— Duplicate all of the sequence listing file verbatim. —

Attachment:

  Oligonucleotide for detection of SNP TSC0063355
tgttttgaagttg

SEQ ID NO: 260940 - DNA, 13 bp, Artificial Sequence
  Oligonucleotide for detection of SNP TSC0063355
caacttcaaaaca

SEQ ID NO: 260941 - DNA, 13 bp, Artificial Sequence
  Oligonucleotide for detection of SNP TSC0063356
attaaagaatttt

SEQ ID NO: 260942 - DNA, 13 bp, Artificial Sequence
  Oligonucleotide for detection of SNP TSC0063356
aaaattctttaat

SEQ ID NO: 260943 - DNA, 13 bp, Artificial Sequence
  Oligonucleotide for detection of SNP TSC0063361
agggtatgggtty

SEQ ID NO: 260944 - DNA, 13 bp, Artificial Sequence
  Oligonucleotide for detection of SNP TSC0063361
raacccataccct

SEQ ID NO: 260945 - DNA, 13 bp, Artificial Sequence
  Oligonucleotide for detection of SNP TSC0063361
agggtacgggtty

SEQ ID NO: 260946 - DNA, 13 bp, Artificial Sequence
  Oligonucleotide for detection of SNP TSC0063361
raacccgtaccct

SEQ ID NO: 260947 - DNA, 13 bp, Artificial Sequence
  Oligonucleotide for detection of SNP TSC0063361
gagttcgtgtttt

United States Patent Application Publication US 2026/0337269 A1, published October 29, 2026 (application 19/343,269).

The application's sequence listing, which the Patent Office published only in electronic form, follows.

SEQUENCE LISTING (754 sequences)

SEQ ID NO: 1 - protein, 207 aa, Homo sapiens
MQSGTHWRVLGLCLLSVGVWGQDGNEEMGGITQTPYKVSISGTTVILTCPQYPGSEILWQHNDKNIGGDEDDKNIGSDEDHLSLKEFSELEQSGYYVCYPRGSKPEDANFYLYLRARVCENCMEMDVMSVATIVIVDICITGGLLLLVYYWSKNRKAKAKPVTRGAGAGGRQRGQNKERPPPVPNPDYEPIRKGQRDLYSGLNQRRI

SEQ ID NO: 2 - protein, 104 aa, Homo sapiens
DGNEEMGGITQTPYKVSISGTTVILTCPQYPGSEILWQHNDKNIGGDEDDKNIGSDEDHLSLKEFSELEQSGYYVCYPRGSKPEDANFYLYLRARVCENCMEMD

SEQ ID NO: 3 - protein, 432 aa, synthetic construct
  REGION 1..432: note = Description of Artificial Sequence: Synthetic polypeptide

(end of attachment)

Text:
  Oligonucleotide for detection of SNP TSC0063355
tgttttgaagttg

SEQ ID NO: 260940 - DNA, 13 bp, Artificial Sequence
  Oligonucleotide for detection of SNP TSC0063355
caacttcaaaaca

SEQ ID NO: 260941 - DNA, 13 bp, Artificial Sequence
  Oligonucleotide for detection of SNP TSC0063356
attaaagaatttt

SEQ ID NO: 260942 - DNA, 13 bp, Artificial Sequence
  Oligonucleotide for detection of SNP TSC0063356
aaaattctttaat

SEQ ID NO: 260943 - DNA, 13 bp, Artificial Sequence
  Oligonucleotide for detection of SNP TSC0063361
agggtatgggtty

SEQ ID NO: 260944 - DNA, 13 bp, Artificial Sequence
  Oligonucleotide for detection of SNP TSC0063361
raacccataccct

SEQ ID NO: 260945 - DNA, 13 bp, Artificial Sequence
  Oligonucleotide for detection of SNP TSC0063361
agggtacgggtty

SEQ ID NO: 260946 - DNA, 13 bp, Artificial Sequence
  Oligonucleotide for detection of SNP TSC0063361
raacccgtaccct

SEQ ID NO: 260947 - DNA, 13 bp, Artificial Sequence
  Oligonucleotide for detection of SNP TSC0063361
gagttcgtgtttt

United States Patent Application Publication US 2026/0337269 A1, published October 29, 2026 (application 19/343,269).

The application's sequence listing, which the Patent Office published only in electronic form, follows.

SEQUENCE LISTING (754 sequences)

SEQ ID NO: 1 - protein, 207 aa, Homo sapiens
MQSGTHWRVLGLCLLSVGVWGQDGNEEMGGITQTPYKVSISGTTVILTCPQYPGSEILWQHNDKNIGGDEDDKNIGSDEDHLSLKEFSELEQSGYYVCYPRGSKPEDANFYLYLRARVCENCMEMDVMSVATIVIVDICITGGLLLLVYYWSKNRKAKAKPVTRGAGAGGRQRGQNKERPPPVPNPDYEPIRKGQRDLYSGLNQRRI

SEQ ID NO: 2 - protein, 104 aa, Homo sapiens
DGNEEMGGITQTPYKVSISGTTVILTCPQYPGSEILWQHNDKNIGGDEDDKNIGSDEDHLSLKEFSELEQSGYYVCYPRGSKPEDANFYLYLRARVCENCMEMD

SEQ ID NO: 3 - protein, 432 aa, synthetic construct
  REGION 1..432: note = Description of Artificial Sequence: Synthetic polypeptide